Genesis – Sexy, violent, and groovy.

UPDATE 2: My copy arrived in record time! I will post comments anon.
UPDATE: See the end of the post for additional links to reviews. I am updating them as I come across the reviews. Most of all, see Robert Alter’s positive review in The New Republic.

Genesis – Sexy, violent, and groovy.

Yup, that about sums it up. That describes not just the Book of Genesis but R. Crumb’s new graphic reading of Genesis that is due out today. This news has hit the biblioblogosphere with a vengeance, as we might imagine, with many rather predictable responses. Rev. J. W. Curmudgeon says that it is “simply appalling.”

The most offensive bit?  The portrayal of God as some sort of weird hippy long-haired freakazoid.

Well, how would you depict God visually? You probably wouldn’t but I think the endeavor is laudable even if I may not like Crumb’s version. I might like it, I don’t know since I do not have a copy yet (ordering it this morning). I can say that it has this major fact going in its favor: He has used the entire text of Genesis and offers no verbal commentary or interpretation (the translation is Robert Alter’s according to J. Hobbins, which is not a bad translation by any means). ((Update: According to Norton’s site the text is an eclectic one. That will make it all the more interesting to see what he has done. “Originally thinking that we would do a take off of Adam and Eve, Crumb became so fascinated by the Bible’s language, ‘a text so great and so strange that it lends itself readily to graphic depictions,’ that he decided instead to do a literal interpretation using the text word for word in a version primarily assembled from the translations of Robert Alter and the King James bible.”

Update 2: From Alter’s review, see links, “The translation that appears in the completed book is for the most part mine, as Crumb duly notes at the beginning of his brief introduction. From time to time, though, he introduces a word or phrase from the King James Version or from another translation, and he also sometimes tinkers–always a little disconcerting to a translator–with my version.”))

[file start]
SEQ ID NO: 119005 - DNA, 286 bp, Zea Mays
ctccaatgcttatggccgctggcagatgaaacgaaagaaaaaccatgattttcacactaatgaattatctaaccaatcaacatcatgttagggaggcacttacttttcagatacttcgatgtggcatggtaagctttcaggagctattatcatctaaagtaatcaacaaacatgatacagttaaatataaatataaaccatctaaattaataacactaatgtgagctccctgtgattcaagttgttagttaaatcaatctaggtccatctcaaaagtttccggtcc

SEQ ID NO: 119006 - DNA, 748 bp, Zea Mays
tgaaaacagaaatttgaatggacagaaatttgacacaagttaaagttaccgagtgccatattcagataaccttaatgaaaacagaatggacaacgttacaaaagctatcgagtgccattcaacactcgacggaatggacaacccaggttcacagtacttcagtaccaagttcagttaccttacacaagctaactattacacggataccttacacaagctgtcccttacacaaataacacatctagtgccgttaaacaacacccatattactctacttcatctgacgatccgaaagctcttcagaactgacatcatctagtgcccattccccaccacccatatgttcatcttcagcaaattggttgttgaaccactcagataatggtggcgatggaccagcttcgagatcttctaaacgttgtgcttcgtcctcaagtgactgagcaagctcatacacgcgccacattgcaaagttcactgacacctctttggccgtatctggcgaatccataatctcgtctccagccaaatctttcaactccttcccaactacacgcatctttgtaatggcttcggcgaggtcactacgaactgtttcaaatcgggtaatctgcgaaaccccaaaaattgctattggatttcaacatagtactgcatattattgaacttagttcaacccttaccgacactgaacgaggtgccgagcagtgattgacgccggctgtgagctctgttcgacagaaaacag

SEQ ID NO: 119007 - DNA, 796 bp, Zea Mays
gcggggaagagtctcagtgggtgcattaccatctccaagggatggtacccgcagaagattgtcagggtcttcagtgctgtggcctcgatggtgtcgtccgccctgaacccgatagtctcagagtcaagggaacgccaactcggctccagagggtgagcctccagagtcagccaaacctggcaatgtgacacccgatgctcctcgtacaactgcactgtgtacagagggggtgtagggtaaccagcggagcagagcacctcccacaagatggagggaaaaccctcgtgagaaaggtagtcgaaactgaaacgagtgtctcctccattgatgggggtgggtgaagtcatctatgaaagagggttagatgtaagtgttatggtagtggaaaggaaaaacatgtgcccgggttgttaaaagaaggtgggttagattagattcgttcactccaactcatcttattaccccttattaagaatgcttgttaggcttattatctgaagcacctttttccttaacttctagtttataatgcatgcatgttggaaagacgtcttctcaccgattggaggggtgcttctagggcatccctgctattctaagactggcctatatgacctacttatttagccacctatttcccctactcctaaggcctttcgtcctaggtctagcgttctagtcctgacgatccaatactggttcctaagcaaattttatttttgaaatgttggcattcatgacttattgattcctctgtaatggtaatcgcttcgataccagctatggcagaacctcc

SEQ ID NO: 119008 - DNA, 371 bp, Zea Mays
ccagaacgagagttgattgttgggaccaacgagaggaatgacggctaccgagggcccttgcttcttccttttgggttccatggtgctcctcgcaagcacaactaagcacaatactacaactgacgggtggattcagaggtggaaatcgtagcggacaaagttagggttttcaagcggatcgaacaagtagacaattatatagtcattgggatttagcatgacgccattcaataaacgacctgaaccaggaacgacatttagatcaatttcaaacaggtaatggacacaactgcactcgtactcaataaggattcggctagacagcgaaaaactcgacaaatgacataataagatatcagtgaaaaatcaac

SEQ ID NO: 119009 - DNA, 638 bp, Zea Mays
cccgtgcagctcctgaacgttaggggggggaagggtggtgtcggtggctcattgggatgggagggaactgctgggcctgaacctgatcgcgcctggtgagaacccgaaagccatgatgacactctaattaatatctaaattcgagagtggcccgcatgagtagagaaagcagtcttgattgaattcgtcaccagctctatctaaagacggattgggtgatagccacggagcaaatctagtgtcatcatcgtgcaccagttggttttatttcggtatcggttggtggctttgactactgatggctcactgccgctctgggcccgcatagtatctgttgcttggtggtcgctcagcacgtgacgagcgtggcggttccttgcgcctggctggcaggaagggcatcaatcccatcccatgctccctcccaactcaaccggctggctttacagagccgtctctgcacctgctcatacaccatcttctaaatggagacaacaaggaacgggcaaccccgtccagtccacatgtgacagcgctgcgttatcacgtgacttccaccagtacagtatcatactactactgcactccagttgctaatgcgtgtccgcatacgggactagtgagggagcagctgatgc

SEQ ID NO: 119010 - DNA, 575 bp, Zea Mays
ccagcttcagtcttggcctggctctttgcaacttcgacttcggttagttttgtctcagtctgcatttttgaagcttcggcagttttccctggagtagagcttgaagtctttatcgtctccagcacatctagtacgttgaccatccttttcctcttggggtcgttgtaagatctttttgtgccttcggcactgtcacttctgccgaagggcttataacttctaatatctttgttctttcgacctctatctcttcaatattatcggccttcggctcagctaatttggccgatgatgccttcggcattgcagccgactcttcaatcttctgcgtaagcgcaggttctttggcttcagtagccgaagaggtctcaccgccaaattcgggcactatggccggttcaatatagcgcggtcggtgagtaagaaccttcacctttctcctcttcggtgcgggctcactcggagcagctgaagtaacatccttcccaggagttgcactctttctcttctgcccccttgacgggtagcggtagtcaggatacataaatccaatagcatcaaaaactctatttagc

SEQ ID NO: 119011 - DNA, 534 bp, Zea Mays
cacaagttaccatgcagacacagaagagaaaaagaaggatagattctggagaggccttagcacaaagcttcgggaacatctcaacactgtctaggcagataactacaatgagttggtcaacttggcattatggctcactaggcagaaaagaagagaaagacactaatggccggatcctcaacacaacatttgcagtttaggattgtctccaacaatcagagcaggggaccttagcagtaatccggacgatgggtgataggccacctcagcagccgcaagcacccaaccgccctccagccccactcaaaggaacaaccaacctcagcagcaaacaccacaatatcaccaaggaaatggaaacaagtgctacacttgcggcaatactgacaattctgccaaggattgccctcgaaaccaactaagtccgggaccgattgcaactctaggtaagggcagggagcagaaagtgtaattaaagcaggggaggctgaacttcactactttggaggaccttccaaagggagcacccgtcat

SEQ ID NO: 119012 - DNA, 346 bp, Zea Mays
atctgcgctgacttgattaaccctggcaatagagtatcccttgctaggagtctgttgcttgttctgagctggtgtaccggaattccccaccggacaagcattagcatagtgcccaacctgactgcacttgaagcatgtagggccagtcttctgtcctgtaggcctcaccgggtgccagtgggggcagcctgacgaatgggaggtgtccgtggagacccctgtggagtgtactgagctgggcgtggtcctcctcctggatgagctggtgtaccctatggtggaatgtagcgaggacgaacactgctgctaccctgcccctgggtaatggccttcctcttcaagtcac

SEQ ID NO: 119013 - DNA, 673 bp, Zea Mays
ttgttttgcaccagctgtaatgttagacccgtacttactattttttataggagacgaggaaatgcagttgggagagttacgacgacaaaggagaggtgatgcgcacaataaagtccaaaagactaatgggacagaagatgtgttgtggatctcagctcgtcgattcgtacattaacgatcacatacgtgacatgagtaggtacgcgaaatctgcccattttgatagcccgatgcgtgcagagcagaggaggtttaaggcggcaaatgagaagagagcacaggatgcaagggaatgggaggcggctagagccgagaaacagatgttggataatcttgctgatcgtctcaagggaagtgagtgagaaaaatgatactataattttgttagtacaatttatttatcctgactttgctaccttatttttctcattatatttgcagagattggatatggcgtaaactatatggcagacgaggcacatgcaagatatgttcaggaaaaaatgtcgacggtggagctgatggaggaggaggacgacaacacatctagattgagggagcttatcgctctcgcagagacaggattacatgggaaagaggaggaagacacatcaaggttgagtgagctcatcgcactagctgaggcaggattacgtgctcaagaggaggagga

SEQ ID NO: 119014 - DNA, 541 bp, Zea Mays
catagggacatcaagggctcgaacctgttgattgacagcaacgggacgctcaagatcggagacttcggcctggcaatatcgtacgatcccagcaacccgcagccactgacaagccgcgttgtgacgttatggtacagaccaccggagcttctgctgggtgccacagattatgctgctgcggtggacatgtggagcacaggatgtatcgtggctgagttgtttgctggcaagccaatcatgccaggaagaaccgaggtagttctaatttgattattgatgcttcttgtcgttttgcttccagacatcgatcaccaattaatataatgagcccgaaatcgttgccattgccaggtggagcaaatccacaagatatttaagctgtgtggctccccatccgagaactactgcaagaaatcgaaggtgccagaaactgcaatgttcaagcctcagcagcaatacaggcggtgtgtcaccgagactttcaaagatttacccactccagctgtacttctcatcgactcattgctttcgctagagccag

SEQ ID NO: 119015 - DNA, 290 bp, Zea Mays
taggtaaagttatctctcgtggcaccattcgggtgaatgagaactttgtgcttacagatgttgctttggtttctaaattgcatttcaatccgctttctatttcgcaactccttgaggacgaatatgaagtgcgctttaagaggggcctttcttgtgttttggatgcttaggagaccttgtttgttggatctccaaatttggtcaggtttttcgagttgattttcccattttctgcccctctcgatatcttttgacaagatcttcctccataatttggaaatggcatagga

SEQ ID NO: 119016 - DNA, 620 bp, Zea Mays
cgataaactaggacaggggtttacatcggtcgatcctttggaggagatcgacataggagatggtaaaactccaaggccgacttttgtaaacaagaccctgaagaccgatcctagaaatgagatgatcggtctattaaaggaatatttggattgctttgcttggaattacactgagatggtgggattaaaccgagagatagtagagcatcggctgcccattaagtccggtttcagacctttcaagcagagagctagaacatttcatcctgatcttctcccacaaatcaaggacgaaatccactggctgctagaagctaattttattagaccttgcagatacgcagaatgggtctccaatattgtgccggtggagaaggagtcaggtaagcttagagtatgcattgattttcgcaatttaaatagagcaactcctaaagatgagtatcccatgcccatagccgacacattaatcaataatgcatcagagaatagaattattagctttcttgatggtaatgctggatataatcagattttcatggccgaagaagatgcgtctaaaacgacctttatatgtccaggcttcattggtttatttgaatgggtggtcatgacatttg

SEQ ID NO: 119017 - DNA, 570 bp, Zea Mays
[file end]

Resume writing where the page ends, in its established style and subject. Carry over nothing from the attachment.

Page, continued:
Crumb’s illustrated version carries a warning, “Adult Supervision recommended for Minors.” I tend to think that all versions of the Bible should carry such a warning. NPR quotes Crumb as saying,

“[It’s about] ruling elites, victimizing people in sadistic ways, which is human beings at their nastiest. They have power over others, and they derive pleasure from inflecting pain on other humans. That’s about as nasty as people get,” he said.

Nothing to disagree with in that statement. Far from believing that those who might read a comic form of the Bible should just “leave it alone” artistic representation of the Bible is a difficult and sometimes rewarding endeavor. This is true whether it is in music (Handel’s Messiah seems a popular musical offering, doesn’t it?) or art (let’s just point to the Louvre). As I said, the fact that Crumb did not alter the text will make this particularly interesting. If you are familiar with Crumb’s art then you knew that the women will be busty and the men hair hippies, but that is as much a reflection of our cultural interpretation as the Pieta is of its own time.

So I am withholding judgment but looking forward to getting a copy of this. Who knows, maybe we could even use it for our summer book reading project for the honors college.

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